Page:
Monday, February 27, 2006

Are You In Good Hands?

No. This isn't an insurance commercial.

No, wait. Yes, actually, it is. I wanted to tackle a significantly important issue for those parents of children with diabetes. And while this loosely affects those who are adults, the impact is limited.

I had absolutely wonderful parents. My mother, bless her heart, was so proactively involved in my diabetes early on that it bordered on annoying. But she quickly helped me become very self-sufficient, and I can owe my own ability to manage my diabetes so well to her involvement. She went beyond "controlling", to the point of teaching me to be the one who was controlling for myself.

So it isn't any surprise that my mother had the foresight to realize my eventual choice of career would significantly impact my life as a diabetic. Anytime I alluded to a desire to pursue music as a career (as my older brother had), she would set me straight.

"You have diabetes, Ryan. You need a job that you can work for a large company with health insurance."

She was absolutely right. It wasn't really about squelching any dreams of mine, but the harsh reality of the disease: that living with diabetes is expensive. Fortunately, I had also always wanted to be a software developer, and that became my future. (Although, I flirted with becoming an English teacher for a while, until I realized that teachers really make next-to-nothing.)

But what was important was the constant and irritating reminders throughout my childhood up through my teen years that I had to find myself a good job. And so now, I pass this lesson on to you. I encourage parents of children with diabetes to help guide their children into career paths that will ensure they are in good hands, insurance-wise. As much as we want to encourage our children to excel where they are most interested, there is a point where that must be utilized...or perhaps even pushed aside entirely...for a greater benefit. And by starting this young, by the time your children are old enough to start truly thinking about a career path, this consideration will weigh heavily on their decision.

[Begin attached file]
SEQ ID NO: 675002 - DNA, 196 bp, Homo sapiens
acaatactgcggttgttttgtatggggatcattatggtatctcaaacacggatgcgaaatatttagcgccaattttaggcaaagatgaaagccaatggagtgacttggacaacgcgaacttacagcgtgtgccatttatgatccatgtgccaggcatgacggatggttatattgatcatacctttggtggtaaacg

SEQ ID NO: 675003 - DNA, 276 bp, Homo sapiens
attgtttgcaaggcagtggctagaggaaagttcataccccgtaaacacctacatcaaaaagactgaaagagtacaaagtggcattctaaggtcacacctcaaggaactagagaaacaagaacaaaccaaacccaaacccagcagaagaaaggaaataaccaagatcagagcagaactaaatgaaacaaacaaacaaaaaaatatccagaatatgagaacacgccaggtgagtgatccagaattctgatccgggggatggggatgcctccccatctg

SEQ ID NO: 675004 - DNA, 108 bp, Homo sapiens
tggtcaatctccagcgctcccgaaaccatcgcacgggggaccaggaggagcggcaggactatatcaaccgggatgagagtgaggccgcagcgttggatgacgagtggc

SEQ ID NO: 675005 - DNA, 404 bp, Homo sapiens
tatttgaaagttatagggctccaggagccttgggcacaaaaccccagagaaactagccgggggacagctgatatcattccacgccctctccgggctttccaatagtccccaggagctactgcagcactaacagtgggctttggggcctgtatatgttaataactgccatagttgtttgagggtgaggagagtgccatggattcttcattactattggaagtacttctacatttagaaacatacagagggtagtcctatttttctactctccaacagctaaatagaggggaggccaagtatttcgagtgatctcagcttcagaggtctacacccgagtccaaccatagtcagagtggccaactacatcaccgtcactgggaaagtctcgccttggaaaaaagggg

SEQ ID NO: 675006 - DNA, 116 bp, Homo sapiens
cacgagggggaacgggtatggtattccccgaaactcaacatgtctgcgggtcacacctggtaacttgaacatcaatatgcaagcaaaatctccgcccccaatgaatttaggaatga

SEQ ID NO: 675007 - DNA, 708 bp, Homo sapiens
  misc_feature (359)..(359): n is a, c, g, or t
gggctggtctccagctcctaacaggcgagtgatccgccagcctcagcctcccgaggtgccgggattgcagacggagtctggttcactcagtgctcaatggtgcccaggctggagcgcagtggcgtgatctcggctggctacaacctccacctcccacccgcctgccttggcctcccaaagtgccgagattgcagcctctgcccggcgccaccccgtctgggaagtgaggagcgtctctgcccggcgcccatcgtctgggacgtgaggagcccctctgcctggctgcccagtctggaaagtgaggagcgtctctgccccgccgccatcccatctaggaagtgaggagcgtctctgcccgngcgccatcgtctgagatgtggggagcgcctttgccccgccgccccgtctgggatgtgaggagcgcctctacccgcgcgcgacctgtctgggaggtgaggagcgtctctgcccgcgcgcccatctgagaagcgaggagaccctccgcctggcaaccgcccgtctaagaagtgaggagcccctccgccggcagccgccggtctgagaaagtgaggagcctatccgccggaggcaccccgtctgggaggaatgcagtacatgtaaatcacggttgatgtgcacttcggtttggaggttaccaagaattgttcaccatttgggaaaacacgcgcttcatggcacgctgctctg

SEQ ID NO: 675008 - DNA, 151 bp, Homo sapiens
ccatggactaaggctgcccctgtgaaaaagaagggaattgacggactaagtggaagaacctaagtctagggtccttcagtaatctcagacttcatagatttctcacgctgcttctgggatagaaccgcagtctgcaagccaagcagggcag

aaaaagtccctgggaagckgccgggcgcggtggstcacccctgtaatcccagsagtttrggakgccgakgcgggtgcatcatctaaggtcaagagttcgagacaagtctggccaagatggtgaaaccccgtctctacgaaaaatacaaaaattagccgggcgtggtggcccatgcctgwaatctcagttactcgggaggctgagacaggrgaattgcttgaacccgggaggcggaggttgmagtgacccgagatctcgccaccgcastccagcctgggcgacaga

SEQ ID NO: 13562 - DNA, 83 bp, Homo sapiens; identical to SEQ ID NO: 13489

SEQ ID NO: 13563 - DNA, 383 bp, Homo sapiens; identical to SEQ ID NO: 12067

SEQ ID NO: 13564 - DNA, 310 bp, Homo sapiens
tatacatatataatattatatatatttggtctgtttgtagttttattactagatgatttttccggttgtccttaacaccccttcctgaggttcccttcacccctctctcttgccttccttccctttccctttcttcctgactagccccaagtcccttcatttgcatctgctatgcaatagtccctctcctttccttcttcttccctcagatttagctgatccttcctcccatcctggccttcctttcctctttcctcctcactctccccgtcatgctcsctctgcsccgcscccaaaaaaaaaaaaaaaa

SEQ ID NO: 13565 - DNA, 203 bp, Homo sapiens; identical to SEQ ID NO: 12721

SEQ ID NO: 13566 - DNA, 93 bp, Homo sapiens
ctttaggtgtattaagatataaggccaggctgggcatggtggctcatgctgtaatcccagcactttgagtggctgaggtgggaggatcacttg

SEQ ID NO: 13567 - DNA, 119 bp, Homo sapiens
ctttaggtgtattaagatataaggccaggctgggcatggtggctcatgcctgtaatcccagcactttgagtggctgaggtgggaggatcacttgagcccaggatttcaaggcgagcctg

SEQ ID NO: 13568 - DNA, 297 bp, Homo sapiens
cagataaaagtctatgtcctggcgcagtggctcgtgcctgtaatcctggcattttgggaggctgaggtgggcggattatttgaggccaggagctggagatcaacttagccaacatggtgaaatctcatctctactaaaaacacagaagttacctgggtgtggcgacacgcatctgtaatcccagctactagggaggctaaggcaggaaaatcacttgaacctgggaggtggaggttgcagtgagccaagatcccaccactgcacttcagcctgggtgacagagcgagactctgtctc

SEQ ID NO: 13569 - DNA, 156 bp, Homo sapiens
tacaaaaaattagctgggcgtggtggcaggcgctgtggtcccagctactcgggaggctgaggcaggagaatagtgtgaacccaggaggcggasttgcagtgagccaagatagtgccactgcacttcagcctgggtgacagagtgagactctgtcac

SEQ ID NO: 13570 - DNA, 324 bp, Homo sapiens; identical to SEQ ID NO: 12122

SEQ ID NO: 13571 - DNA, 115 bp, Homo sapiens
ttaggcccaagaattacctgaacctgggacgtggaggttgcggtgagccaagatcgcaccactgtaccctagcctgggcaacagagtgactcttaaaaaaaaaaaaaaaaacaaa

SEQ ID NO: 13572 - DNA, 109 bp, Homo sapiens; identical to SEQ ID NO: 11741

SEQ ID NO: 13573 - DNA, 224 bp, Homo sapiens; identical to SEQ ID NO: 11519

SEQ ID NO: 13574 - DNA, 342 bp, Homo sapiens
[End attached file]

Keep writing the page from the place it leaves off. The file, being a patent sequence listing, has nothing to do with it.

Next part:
To a small degree, I do this with my own children. My second son is obsessed with drawing. He has a flair for art, and we like to encourage that. But we know that being an artist isn't really a wise career decision, so I want to help guide him into an area where his talents in art might bloom into a good career. Architecture, perhaps, or some kind of design work. Who knows at this point. But he needs to learn that drawing for a living isn't a good way to put food on the table.

And for the diabetic, this is even more significant. Healthcare is expensive these days, and it only looks to be more expensive. We cannot rely on hopes (and, in my opinion, false hopes) of a cure before they graduate from high school. The reality is, they will most likely live out the rest of their lives with the disease. And that will be expensive. Do them a favor, and make sure they choose a path that will allow them to take care of themselves and, ultimately, their own family.

I admit, I have a passion for creative endeavors. For a while it was piano, then singing, then choir. Now, I'm focused on writing (which is actually a passion I had starting in elementary school). But these are things I can pursue while still maintaining a full-time career that also provides me decent health-care. And unless my writing makes me millions of dollars a few times over (which isn't likely), it is unlikely I'll ever stop working as a software engineer, even if I have many published novels to my credit.

Finally, I would be wrong to miss talking about life insurance. Realize that obtaining life insurance for the diabetic is also an expensive option. While I have life insurance through my job, I have two policies that I pay for myself. And these policies really aren't worth a whole lot, but they are there. Again, my mother had the good sense to get a life insurance policy for myself when I was young, when the premiums were still relatively low, even with diabetes. Not too long ago, I checked into the premiums for a similar policy at my age, and it was prohibitively expensive. Why? Because as far as insurance companies are concerned, I'm knocking on death's door as a diabetic, no matter how well I take care of myself. So if you haven't done it, talk to an insurance agent as soon as possible and get a policy for your child. The younger you start, the less expensive it will be.

1 comment:

Penny said...

Thank you for the advice about the life insurance. I hadn't really looked at it that way.